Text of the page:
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Pandemic Rage

So much of it comes down to our powerlessness.

Key points

  • Anger can be a healthy emotion. It alerts people to the fact that they might be in danger and that action needs to be taken to create safety.
  • When people feel hurt or threatened, they not only feel anger but also powerlessness, which can be an uncomfortable experience.
  • People may cope with anger and powerlessness by building narratives and trying to regain power in ways that are often unhelpful.

From all points on the political spectrum and all parts of the US, there are people who are angry.

We are angry about a great many things, and we have a right to be angry about many, if not most, of those things. Furthermore, anger can be very healthy — anger is an emotion that alerts us to the fact that we might be in danger and that things are not okay. That a boundary has been crossed. That we are not safe or someone else isn’t. Anger can give us important information — that action needs to be taken to make things right or create safety.

That said, just like any emotion, while the feeling might be justified, our understanding of the feeling (the narrative that accompanies it) might not be. In other words, feelings are never wrong, but our interpretation of them (and what to do about them) often is.

To give a simple and common example, if I am driving and another driver makes a dangerous move in front of me and nearly causes an accident, I am likely to feel a surge of adrenaline, experienced initially as fear and then as anger. Here my anger is rightfully telling me that the person made a dangerous choice that was not safe for me. However, if I create a further narrative with that anger — if I also interpret it to mean that the other driver didn’t care about me, or worse, that they were recklessly disregarding my safety on purpose, then I will become angrier and I might lash out at the driver in some way that can lead to road rage and/or unsafe behavior by both parties.

The truth is, it could have simply been that the person wasn’t paying as close attention as they should have at that moment — something that happens to almost all of us. Or that they were rushing to the hospital because of a medical emergency and paying less attention to safety in the interest of speed. Or perhaps something flew into their eye and they were temporarily blinded. We don’t actually have the information that would allow us to attribute motive or intent to the other driver. To allow our anger to create that narrative might make us feel good at that moment, but it isn’t based on fact and it frequently leads to less safety rather than more.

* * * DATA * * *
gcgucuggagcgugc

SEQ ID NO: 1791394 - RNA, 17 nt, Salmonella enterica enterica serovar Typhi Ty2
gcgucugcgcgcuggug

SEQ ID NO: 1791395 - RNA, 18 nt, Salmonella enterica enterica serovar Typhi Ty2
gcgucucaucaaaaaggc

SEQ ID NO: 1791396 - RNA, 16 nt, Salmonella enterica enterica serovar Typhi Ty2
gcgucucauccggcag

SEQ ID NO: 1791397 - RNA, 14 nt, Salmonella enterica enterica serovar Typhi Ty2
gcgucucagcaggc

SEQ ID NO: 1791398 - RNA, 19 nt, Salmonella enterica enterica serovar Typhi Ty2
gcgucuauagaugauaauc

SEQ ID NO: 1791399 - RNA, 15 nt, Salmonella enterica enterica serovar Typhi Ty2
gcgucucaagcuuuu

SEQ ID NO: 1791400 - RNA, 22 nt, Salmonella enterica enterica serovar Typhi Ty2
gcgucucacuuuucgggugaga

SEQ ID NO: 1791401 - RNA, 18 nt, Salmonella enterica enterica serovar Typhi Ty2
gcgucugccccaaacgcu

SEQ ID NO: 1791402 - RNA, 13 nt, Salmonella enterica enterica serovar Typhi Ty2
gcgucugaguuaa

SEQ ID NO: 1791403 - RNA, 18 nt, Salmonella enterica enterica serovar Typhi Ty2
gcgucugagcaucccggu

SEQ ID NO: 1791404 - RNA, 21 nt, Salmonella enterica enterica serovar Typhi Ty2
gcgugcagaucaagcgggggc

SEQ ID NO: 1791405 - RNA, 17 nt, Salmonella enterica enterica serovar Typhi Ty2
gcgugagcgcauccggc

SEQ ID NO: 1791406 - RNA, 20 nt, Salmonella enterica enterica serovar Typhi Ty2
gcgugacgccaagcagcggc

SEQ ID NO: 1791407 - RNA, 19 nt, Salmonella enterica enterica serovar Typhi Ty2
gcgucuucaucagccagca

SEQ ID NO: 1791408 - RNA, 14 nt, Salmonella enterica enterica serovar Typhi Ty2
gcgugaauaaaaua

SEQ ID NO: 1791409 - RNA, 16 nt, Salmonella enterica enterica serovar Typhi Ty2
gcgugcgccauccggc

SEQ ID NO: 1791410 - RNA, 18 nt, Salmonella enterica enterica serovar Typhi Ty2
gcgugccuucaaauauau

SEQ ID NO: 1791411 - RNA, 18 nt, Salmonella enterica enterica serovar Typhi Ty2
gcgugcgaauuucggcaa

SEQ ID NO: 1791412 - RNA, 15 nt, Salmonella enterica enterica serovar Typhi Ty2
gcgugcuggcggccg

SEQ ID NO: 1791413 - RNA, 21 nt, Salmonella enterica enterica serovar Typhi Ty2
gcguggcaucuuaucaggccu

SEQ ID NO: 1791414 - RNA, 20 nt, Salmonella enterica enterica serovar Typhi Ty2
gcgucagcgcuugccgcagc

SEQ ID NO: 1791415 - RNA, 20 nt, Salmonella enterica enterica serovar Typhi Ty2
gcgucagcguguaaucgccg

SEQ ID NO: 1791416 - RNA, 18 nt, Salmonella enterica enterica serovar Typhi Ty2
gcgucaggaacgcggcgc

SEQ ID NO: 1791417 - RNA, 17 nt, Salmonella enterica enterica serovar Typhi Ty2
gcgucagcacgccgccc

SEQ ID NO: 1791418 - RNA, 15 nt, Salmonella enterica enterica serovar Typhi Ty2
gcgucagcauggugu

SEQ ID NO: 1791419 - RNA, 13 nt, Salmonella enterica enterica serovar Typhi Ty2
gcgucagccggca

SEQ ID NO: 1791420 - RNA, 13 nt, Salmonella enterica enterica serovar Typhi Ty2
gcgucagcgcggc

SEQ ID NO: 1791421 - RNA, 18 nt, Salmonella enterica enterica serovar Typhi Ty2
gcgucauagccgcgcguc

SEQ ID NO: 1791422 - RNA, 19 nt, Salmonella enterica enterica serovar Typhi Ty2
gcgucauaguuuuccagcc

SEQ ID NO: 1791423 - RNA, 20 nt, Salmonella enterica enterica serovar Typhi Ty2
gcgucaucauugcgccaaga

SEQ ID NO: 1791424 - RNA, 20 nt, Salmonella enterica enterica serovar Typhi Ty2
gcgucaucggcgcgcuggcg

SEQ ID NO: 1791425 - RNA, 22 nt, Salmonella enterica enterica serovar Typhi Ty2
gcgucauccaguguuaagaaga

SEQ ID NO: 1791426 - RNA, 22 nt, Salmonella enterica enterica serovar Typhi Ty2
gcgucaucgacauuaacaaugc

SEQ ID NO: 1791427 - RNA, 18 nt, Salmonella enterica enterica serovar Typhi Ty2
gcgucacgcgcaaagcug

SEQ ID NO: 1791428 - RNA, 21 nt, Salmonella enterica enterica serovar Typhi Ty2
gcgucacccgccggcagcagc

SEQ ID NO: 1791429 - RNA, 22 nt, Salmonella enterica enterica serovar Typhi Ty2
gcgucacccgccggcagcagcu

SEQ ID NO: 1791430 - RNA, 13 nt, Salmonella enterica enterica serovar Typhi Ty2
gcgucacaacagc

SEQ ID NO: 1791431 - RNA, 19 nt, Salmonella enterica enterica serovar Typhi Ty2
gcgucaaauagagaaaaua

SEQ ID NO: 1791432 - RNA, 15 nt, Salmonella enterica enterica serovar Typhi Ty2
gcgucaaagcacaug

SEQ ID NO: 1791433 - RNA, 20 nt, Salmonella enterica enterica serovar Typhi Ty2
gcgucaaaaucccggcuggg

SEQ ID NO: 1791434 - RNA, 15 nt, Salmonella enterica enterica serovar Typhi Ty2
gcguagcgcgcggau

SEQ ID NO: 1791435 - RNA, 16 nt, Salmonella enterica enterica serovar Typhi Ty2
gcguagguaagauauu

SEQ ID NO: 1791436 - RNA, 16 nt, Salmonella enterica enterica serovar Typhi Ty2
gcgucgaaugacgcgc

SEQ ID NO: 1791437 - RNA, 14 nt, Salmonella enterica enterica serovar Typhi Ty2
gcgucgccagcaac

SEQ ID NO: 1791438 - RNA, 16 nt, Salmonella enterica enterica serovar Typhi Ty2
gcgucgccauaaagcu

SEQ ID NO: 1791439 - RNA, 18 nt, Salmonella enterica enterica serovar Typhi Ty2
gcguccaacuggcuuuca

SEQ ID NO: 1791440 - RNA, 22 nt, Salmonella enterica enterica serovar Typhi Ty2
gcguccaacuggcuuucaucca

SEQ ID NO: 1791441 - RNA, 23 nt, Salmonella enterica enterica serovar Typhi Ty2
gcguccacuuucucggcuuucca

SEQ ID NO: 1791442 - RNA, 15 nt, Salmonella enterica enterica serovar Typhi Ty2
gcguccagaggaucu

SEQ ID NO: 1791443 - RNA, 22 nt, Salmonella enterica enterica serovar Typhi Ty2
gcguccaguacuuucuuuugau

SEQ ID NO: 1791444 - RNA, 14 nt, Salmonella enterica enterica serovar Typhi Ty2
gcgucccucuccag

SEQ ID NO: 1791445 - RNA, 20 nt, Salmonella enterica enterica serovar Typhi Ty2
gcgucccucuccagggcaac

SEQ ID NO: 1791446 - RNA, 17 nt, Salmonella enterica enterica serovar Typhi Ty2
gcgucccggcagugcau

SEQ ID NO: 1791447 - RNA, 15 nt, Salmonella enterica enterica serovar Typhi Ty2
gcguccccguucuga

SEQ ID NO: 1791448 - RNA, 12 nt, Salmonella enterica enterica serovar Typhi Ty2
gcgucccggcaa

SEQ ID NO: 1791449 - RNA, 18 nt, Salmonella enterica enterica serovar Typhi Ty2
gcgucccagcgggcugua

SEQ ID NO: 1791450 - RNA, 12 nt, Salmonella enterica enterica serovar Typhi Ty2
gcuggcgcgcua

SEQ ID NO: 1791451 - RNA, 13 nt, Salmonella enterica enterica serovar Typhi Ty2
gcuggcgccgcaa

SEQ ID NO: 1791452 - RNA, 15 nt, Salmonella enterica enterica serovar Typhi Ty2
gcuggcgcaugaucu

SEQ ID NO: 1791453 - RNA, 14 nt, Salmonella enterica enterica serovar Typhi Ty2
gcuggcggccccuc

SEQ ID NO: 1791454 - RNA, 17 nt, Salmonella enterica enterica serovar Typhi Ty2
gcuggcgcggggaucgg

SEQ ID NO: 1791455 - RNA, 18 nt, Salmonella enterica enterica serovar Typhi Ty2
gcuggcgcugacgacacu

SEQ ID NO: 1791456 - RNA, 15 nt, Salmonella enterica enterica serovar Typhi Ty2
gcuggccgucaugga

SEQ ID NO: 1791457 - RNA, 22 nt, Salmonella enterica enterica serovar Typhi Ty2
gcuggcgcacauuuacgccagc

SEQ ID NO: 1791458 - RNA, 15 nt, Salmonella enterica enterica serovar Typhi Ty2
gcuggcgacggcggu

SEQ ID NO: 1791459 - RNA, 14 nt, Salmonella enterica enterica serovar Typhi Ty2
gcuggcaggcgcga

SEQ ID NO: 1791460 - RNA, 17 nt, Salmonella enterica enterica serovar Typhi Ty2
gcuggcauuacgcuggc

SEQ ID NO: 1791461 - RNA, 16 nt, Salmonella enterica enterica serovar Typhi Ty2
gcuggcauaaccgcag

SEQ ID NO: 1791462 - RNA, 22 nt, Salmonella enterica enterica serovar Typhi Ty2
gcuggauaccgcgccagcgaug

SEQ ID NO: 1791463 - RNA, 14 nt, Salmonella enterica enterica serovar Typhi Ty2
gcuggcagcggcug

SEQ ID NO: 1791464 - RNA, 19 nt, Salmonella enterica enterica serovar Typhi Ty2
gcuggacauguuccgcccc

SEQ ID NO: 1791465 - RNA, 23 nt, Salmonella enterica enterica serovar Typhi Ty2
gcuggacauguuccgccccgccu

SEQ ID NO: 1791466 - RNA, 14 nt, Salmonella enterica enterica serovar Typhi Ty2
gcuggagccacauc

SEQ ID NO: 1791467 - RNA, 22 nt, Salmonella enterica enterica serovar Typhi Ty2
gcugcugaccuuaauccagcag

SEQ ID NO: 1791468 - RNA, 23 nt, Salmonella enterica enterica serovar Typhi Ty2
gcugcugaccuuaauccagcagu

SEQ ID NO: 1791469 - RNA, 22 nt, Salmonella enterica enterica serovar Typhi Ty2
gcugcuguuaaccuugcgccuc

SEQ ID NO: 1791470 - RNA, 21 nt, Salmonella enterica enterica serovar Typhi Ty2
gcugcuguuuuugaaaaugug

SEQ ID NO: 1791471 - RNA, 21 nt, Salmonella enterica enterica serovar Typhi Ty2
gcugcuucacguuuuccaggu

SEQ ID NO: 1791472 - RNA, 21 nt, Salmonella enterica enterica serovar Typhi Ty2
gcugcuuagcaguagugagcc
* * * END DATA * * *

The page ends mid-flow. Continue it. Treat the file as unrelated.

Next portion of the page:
The Relationship Between Anger and Powerlessness

Most often, the reason for that second level of the narrative is because of rage’s closest companion: powerlessness.

When we have been hurt, our safety was threatened, or our boundary was crossed, it is not just anger that we feel, it is powerlessness. We feel out of control. Someone, or some group, has made a choice or choices that have an effect on us (or people we care about or the planet) and we haven’t been consulted. The choice was made without us.

This points to an experience that is deeply uncomfortable and yet an undeniable fact of life: We don’t always get to chose how things go, even when it is painful for us. We are, all of us, to a degree, powerless in life.

Nickolas Nikolic/Unsplash
Source: Nickolas Nikolic/Unsplash

This fact is so difficult to accept. And it’s especially difficult to accept when we were traumatized as children — we were taught that powerlessness brings victimization and pain, so we feel terrified of being powerless again. But even for those who were treated well as children, we would so much rather feel in control of our lives. And make no mistake, we should feel empowered to do all that we can and make the best of the life that we have. But the hard truth is that our power is limited. Some of us more than others, but no amount of money or status will create immunity from powerlessness. If it rains when we are out for a walk, we will all get wet. Anyone could get cancer. Bullets won’t bounce off any of our flesh. If the global climate catastrophe in front of us continues, we will all be affected.

Powerlessness in the Face of COVID

And so it is with COVID. People feel deeply powerless when faced with the virus that is circulating the globe and wiping out millions of people in its wake. Our lives are at stake and we are all dependent on everyone else in order to create safety for ourselves — in essence, as individuals we are powerless to stop it. This profound powerlessness is deeply uncomfortable and, along with the anger that naturally comes from feeling unsafe, many of us have coped by creating a second level of narrative and/or by trying to regain a sense of power:

Some people cope by feeling enraged at the people who aren’t getting vaccinated or wearing masks and attribute lack of empathy, lack of intelligence, and/or malicious intent. Others grasp at some sense of empowerment by protesting mandatory vaccines or mask mandates or by purchasing medicines not advised by the medical community. Still others latch on to conspiracy ideology in order to feel more empowered by having “insider” information.

All of these, and more, are ways in which we are reacting to an experience of powerlessness and anger, rather than being able to simply have those feelings, do the things we can do that are healthy and empowering, and then hold the discomfort of our powerlessness and let the anger move through us. Not create secondary narratives, not try to grasp at feelings of empowerment through frantic and unhealthy action or feeding our rage, but instead to do what we can to help ourselves and others be safe, and then live with the uncomfortable feelings that powerlessness brings.

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